The fun starts when you want to sell and take your money "out" of argentina...youll need extensive documentation about the source and legitimacy of your funds that nobody was overly concerned about when you were buying and bringing money "in"..providing fat fees and fines ...delays and maximum stress....though not as bad as most emerging countries ...application of the law is subjective in the extreme...;)
 

steveinbsas

Registered
bluesman said:
anyone familiar with atms that dispense dollars without an unusually low limit per withdrawal
Not only am I able to get $900 peso per withdrawal with my Charles Schwab card (and can make at least two at a time), they refund all fees, including those charged by banks in Argentina.
 

bluesman

Registered
thanks mr steve..though this was an old request...i have resolved this and other problems by delegating my rampant incompetence to the pizza guy...who took me on his bike to a place where they let you wire in money for 25 bucks ...and up to 10k at a time...they also gave me bus change..about 15 lbs bag for actual value plus another 10 bucks....gotta love them chinese fellers...i like to go to the new machines at citibank ....up to 1k dollars at a shot..i called my bank in the states about the fees..they sent an argie to my place (just "thought" i was hiding i guess)...now ive got someone to help with everything...more time for pastries ...and dozens of those little cream cheese sanguiches with no crust...get a whole box ..like 60 at a time ...cause they go down real good with malbec....the dogs love em too ...but the resultant doggiegas can be a real dealbreaker...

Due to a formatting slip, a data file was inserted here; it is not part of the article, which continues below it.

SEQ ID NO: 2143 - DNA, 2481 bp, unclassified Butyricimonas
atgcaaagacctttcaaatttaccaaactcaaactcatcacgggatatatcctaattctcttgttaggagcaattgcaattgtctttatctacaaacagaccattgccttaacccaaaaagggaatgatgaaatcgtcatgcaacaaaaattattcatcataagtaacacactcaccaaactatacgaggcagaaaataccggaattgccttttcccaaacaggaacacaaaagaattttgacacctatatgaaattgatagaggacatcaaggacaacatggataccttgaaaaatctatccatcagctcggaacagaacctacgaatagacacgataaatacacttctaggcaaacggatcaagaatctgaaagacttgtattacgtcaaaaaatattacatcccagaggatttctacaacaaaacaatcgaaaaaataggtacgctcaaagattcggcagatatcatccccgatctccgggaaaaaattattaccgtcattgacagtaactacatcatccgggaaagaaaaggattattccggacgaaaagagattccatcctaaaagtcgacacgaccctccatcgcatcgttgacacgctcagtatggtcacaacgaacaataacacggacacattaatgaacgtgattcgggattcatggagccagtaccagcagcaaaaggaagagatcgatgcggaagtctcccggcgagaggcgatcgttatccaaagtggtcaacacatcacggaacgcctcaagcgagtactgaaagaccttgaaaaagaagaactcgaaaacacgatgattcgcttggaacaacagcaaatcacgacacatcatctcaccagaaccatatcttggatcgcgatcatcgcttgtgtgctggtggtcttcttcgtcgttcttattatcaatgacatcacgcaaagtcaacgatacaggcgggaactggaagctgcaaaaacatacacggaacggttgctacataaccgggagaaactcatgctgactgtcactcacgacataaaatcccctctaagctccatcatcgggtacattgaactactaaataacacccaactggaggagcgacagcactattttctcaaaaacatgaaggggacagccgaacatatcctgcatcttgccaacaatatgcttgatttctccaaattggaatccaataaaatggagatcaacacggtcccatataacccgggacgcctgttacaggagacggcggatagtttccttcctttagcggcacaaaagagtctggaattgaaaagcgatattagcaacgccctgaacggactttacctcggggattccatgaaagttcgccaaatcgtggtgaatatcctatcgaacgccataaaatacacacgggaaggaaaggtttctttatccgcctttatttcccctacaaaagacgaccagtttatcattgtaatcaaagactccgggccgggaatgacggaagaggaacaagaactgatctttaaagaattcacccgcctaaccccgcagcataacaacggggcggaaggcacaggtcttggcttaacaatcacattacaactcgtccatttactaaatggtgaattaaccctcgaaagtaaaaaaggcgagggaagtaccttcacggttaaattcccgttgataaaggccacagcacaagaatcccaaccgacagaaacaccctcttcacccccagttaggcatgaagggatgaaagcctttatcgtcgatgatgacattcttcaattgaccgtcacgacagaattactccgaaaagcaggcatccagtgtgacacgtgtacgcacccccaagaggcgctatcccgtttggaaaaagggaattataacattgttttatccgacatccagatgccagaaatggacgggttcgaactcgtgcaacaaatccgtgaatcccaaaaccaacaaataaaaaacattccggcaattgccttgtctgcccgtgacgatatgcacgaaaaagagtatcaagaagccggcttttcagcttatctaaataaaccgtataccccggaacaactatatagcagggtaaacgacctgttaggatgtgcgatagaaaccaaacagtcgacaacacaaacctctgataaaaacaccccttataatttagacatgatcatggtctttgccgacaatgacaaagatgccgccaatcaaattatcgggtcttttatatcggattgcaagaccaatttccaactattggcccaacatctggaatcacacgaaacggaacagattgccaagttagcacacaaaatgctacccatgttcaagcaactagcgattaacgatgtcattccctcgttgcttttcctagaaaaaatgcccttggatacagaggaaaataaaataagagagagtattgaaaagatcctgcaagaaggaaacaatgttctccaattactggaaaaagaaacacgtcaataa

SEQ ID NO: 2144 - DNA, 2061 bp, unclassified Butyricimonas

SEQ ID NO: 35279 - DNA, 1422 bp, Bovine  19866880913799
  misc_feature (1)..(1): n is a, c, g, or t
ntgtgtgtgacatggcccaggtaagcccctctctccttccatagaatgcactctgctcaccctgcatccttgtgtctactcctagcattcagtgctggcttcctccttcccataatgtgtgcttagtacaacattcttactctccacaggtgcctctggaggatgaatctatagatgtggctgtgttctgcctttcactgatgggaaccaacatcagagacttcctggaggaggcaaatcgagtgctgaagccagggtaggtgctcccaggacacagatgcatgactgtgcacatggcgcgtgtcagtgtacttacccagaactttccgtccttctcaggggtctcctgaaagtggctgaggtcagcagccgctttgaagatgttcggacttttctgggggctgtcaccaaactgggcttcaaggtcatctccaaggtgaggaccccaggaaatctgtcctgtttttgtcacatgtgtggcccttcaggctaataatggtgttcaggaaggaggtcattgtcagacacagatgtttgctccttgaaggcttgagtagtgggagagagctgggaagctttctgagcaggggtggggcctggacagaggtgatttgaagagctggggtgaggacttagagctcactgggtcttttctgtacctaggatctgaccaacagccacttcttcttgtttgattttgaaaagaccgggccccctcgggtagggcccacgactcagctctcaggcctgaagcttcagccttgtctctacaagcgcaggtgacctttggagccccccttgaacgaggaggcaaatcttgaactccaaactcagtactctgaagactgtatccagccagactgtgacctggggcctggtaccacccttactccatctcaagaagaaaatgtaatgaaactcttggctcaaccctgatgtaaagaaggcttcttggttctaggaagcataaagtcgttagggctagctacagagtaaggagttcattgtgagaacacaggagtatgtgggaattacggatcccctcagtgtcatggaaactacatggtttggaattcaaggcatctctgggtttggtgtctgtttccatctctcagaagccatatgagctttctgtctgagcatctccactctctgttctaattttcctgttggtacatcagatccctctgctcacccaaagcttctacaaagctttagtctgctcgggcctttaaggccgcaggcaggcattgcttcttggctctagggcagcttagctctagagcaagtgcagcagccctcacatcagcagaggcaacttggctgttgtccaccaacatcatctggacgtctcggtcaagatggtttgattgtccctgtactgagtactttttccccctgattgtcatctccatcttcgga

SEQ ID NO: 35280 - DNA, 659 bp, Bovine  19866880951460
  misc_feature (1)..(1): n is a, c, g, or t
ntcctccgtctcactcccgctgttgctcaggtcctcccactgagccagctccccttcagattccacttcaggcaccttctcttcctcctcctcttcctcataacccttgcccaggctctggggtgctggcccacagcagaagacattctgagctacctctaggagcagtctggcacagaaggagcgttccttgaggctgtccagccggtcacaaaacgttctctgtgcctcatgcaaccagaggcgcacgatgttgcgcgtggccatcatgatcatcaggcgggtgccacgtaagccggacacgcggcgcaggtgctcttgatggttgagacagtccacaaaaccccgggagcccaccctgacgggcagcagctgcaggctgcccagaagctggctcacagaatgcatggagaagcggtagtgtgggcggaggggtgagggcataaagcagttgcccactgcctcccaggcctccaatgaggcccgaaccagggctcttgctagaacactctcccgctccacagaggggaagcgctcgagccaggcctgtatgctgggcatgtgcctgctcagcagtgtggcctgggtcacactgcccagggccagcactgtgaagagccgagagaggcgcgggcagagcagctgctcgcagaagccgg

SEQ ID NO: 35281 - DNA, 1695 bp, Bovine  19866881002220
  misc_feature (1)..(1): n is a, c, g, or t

steveinbsas

Registered
citygirl said:
Well - one, I wouldn't trust anyone to hold property for me. The risk is far, far, far too high. You realize (and I don't want to be pessimistic) that if you broke up, you would have zero right to the house.
This is true. My first (and only) Argentine girlfriend tried to get me to buy a property in her name as well as mine, but would not include me on the title of the apartment she was in the process of buying (I offered to provide the funds she was getting from a bank at 18% interest per annum). Fortunately we broke up (I fled in terror) before I bought any property.

citygirl said:
Even if you buy the house and get married and something happens (divorce), she would be entitled to half the value of the house.
I believe that if you buy a property prior to getting married its still 100% yours after a divorce unless you have minor children living in the house at the time of the divorce.

citygirl said:
Why wouldn't you just buy it directly yourself? Foreigners buy property here all the time.
This is also true. I've done it three times in four years.

citygirl said:
Second, at a maximum of 1000 pesos a day, it is going to take you an awfully long time to withdraw that money from ATMs;) Plus, you run the risk of the currency fluctuations, etc. (What if the peso drops to 4 to 1 or more? Prices are in dollars so now your pesos would be worth less)
It is easy to wire funds to buy an apartment, just ask Pericles.